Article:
Here’s the latest installment in ASZ’s progressive viral marketing. On Tuesday, 11/30/2004, the New York-based Center for Constitutional Rights (the group that continues to bring some measure of justice to Gitmo detainees) will be filing a criminal complaint in German court to hold a select group of perpetrators accountable for war crimes.

I can hear you guffawing now — but this is an amazing opportunity, and I think the CCR pre-press release explains it quite nicely:

In a historic effort to hold high-ranking U.S. officials accountable for brutal acts of torture including the widely publicized abuses carried out at Abu Ghraib, on Tuesday November 30, 2004, CCR and four Iraqi citizens will file a criminal complaint with the German Federal Prosecutor’s Office at the Karlsruhe Court, Karlsruhe, Germany. Under the doctrine of universal jurisdiction suspected war criminals may be prosecuted irrespective of where they are located.

The four Iraqis were victims of gruesome crimes including severe beatings, sleep and food deprivation, hooding and sexual abuse. (Further details of the treatment of the complainants will be provided after the filing.)

The U. S. officials charged include Secretary of Defense Donald Rumsfeld, Former CIA Director George Tenet, Undersecretary of Defense for Intelligence Dr. Steven Cambone, Lieutenant General Ricardo Sanchez, Major General Walter Wojdakowski, Major General Geoffrey Miller, Brigadier General Janis L. Karpinski, Lieutenant Colonel Jerry L. Phillabaum, Colonel Thomas Pappas, and Lieutenant Colonel Stephen L. Jordan.

Please check back on our home page in the next day for an opportunity to write the German prosecutor in support of the investigation: it is critical that he hear from as many people as possible so he feels worldwide pressure to pursue the case.

CCR needs a bit of Left Blogistan “rapid response”. Why? Because there will be little notice in the mainstream media, yet with the force of numbers behind this criminal complaint, CCR’s action can become a major story. So, if you’re a blogger, grab this story and run with it. Or, if you hang out on other blogs, broadcast the story around via comments.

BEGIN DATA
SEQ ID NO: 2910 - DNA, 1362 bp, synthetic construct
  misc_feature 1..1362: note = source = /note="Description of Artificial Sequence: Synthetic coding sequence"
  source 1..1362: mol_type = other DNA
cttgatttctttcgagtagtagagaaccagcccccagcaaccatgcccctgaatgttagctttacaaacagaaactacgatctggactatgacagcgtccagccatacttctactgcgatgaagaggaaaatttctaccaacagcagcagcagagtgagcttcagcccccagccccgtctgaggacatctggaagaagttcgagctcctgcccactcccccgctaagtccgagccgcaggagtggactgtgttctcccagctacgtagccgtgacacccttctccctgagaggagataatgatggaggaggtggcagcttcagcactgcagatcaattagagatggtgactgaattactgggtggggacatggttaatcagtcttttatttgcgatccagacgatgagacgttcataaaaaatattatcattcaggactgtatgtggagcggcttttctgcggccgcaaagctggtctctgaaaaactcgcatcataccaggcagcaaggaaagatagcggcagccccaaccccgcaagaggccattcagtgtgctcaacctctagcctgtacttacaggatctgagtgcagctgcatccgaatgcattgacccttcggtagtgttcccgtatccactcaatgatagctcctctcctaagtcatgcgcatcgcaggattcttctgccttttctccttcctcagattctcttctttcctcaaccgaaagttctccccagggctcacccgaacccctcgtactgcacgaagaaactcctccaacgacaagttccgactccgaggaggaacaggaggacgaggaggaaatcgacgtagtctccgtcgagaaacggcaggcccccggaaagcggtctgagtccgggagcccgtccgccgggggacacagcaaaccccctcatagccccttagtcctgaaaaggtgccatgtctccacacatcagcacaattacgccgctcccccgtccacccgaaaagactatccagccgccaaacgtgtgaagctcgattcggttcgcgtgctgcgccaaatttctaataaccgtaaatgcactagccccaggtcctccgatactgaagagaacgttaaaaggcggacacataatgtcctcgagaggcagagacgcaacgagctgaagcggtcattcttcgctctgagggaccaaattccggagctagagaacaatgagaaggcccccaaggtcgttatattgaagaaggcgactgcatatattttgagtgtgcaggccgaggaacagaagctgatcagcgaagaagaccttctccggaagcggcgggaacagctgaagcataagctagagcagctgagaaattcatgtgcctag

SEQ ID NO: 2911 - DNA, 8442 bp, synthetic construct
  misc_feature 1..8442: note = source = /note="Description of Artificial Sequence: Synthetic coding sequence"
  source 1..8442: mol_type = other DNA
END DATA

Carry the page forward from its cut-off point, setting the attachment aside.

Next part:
The bottom line is that there’s little love lost between the U.S. and German governments right now, and that’s why this complaint stands a chance of moving forward. German law regarding this type of complaint was enacted post-WWII to facilitate prosecution of war criminals, even in their absence from German soil. And clearly, some political motivation exists for the German prosecutor to cooperate with the complaint.

I don’t know what the net effect of such a complaint and prosecution would be. I can’t say if any of the principals would even be obliged to respond. But I do know that this issue could be thrust into the media mainstream by sheer force of numbers. If a million progressives in the U.S. contact the German prosecutor, it would certainly be hard for the mainstream media to ignore.

Earlier today, one of our coveted commentors lamented how quickly that story lines such as Abu Ghraib disappear in the U.S. Our media is like one big hyperactive pinball machine, bouncing from one atrocity to another. The upshot is that everything blends into one big omnibus atrocity, such that most people just throw up their hands and don’t even try to understand the nuance.

Here’s an opportunity to force a story back onto the front page – a story that should have never left the front page until the truly guilty parties were doing the perp walk. It’ll only take a minute of your time tomorrow. Bookmark the CCR website, or check in with ASZ tomorrow for more details.

Tuesday, November 30th, 2004 by Richard Blair |
Category: Uncategorized

Another Happy Planet Monday

First the fun, um, ah, borrowed from Holden at First Draft, his regular caption contest.

You can caption here or there.

You can caption anywhere.

But don’t forget to check out

little Georgie’s lifts.

Now for something less fun, but edyifying.